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SM57 vs Beta 58A for recording guitars (demo)

Discussion in 'Amp Tech Center' started by c_tecks, Jan 26, 2021.

  1. c_tecks

    c_tecks TDPRI Member

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    Hi,

    I'm sure most of you that record guitars know the SM57.
    I was wondering how the Beta 58A would sound, so I made a comparison of both.

    What kind of mics do you use anyway for tracking guitars?

     
  2. Jon Snell

    Jon Snell Tele-Holic

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    Beta / SM57 is designed for instruments as they have a flatter response then Beta / SM 58/58A as they are designed for vocal use, with a "lump" in the centre response frequency range.
     
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  3. schmee

    schmee Doctor of Teleocity

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    I hear zero difference.
     
  4. rze99

    rze99 Poster Extraordinaire

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    I've been recording my album tracks usually with the guitar signal split between two amps simultaneously, one usually set a little dirtier and thicker, the other cleaner. One mic'd with a '57 one with a '58 (just because I already have them, not because I have a choice) and they both seem to do a great job of guitar to my ears.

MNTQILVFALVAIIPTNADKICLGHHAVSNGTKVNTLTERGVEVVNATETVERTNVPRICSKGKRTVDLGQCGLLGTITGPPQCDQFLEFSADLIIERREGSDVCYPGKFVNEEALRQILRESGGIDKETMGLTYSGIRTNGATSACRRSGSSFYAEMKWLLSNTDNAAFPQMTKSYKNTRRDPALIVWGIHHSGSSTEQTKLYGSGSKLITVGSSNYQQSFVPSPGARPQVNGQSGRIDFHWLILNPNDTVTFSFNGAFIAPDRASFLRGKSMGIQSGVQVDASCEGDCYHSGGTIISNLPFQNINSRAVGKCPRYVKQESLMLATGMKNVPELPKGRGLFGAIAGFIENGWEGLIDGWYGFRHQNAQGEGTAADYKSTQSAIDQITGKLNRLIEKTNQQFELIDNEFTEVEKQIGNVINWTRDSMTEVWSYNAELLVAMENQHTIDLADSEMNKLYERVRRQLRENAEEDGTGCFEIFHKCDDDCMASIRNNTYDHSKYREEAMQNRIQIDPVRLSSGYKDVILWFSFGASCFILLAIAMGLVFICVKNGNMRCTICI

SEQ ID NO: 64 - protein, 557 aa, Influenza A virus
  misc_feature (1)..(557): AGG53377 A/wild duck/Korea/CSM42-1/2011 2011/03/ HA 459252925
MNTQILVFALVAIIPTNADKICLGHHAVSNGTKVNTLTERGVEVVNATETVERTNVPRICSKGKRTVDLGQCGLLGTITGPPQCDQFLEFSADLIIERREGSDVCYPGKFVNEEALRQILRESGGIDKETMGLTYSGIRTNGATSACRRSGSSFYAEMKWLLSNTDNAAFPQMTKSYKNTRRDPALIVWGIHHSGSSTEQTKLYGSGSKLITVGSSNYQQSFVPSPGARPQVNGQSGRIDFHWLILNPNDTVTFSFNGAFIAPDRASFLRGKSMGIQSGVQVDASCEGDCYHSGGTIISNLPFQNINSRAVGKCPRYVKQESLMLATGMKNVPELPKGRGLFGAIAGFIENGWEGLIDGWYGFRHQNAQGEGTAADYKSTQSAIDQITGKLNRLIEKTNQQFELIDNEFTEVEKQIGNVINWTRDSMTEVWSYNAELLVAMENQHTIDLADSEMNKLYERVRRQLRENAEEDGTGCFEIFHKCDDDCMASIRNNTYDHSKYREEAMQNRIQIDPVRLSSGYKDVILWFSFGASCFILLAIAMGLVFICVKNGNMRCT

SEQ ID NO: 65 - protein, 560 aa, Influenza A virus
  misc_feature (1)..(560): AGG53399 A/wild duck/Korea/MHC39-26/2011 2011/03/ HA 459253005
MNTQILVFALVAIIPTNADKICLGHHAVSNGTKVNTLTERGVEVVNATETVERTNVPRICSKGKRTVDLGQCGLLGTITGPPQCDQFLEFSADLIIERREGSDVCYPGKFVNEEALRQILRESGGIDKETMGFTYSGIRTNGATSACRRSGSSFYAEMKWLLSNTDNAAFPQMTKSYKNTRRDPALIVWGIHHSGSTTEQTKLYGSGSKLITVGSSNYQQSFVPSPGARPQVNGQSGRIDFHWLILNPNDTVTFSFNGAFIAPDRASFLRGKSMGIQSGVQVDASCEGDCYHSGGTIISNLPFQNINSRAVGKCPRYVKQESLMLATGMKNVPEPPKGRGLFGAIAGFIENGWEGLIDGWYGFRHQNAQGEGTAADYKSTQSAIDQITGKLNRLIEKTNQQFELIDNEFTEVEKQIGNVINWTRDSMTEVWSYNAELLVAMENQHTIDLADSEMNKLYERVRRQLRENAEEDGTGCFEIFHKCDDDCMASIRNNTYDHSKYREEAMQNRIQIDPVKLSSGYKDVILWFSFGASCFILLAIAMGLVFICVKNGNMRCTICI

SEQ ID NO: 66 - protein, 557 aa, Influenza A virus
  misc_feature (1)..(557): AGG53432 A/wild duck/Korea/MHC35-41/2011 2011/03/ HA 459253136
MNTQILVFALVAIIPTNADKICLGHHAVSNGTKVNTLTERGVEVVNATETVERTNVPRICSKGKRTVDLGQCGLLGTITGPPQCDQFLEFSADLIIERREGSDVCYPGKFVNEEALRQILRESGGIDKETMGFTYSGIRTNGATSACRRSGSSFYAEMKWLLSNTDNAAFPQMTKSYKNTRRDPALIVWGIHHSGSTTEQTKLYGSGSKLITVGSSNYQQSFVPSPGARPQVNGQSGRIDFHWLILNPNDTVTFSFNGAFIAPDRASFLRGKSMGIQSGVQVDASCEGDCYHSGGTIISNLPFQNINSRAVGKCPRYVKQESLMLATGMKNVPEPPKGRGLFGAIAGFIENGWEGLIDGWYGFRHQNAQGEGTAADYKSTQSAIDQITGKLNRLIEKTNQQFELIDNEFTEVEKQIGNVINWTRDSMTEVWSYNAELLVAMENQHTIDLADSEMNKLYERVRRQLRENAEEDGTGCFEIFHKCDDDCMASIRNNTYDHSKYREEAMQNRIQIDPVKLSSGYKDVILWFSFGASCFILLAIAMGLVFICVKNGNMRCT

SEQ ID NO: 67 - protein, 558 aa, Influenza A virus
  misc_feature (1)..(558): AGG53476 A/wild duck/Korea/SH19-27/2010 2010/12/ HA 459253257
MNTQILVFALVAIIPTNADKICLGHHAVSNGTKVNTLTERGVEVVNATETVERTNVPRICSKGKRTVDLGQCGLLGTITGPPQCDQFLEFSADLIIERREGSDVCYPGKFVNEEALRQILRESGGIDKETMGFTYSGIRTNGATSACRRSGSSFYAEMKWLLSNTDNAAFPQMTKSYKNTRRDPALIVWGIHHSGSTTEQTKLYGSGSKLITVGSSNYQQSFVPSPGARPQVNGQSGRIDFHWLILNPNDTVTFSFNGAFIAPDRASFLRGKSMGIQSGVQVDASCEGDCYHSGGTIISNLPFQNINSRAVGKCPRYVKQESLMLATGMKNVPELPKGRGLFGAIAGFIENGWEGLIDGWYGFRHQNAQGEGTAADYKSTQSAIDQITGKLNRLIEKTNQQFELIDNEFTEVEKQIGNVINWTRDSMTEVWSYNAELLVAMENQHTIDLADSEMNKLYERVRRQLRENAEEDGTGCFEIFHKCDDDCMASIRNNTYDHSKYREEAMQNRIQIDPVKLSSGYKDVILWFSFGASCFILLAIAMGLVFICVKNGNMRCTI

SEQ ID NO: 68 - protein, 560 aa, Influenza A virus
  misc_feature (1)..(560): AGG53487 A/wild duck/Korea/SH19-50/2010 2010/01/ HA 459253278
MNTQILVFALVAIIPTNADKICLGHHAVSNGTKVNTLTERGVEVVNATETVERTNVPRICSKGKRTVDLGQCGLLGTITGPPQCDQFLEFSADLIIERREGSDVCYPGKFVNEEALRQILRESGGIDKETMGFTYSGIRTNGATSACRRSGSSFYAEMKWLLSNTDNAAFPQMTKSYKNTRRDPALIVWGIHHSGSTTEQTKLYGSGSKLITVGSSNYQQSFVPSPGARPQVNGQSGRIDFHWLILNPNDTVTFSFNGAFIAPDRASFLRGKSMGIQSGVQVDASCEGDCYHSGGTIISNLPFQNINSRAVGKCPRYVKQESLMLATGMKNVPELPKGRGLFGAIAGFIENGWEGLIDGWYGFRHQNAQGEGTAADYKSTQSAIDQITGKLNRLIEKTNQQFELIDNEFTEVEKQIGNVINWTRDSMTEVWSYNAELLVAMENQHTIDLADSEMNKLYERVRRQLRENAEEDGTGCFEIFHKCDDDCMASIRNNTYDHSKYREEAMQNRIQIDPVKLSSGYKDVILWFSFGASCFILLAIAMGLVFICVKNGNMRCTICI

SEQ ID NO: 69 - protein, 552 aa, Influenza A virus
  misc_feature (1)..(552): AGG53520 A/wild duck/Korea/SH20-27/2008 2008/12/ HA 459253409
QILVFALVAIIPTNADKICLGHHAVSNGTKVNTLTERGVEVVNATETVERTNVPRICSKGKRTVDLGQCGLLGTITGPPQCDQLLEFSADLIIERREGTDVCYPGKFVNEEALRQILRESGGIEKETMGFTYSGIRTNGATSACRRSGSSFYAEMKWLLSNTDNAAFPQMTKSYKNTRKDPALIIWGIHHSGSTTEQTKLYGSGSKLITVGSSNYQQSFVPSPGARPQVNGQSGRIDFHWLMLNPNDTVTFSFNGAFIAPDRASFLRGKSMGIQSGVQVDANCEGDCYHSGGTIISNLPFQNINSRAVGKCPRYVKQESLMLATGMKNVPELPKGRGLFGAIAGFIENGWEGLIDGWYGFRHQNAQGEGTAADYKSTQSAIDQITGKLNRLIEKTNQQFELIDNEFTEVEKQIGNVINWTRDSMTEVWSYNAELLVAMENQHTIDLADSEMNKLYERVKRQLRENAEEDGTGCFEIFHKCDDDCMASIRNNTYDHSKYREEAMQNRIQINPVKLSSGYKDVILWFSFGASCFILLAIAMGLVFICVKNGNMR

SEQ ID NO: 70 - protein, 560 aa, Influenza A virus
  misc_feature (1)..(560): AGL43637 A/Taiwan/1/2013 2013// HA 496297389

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  5. Nick Fanis

    Nick Fanis Poster Extraordinaire Ad Free Member

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    Both are fine.
    I personally prefer the SENNHEISER E 906 but it's just electric guitar man,any decent microphone positioned correctly will do the job,no need to over obsess.
     
  6. THX1123

    THX1123 Tele-Meister

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    Cool video. Nicely done sir. It is worth the time to try lots of options if you have them. If you don't, then find the spot with what you have. I like to find a sound and then pretty much commit to it.

    I have been using one guitar performance split between a 57 on an amp and a direct into the DAW for the 9 songs we are working on. We want to capture one complete take from the guitar, drums and bass if possible. Sometimes I have to comp 2 takes but we are trying to avoid that. We hope that the simplicity and organic aspects of recording this way will make our recordings stand out from all the super manipulated modern recordings out there. It is a trio. I also mic'd the bass amp and ran a direct into the DAW for the bass takes.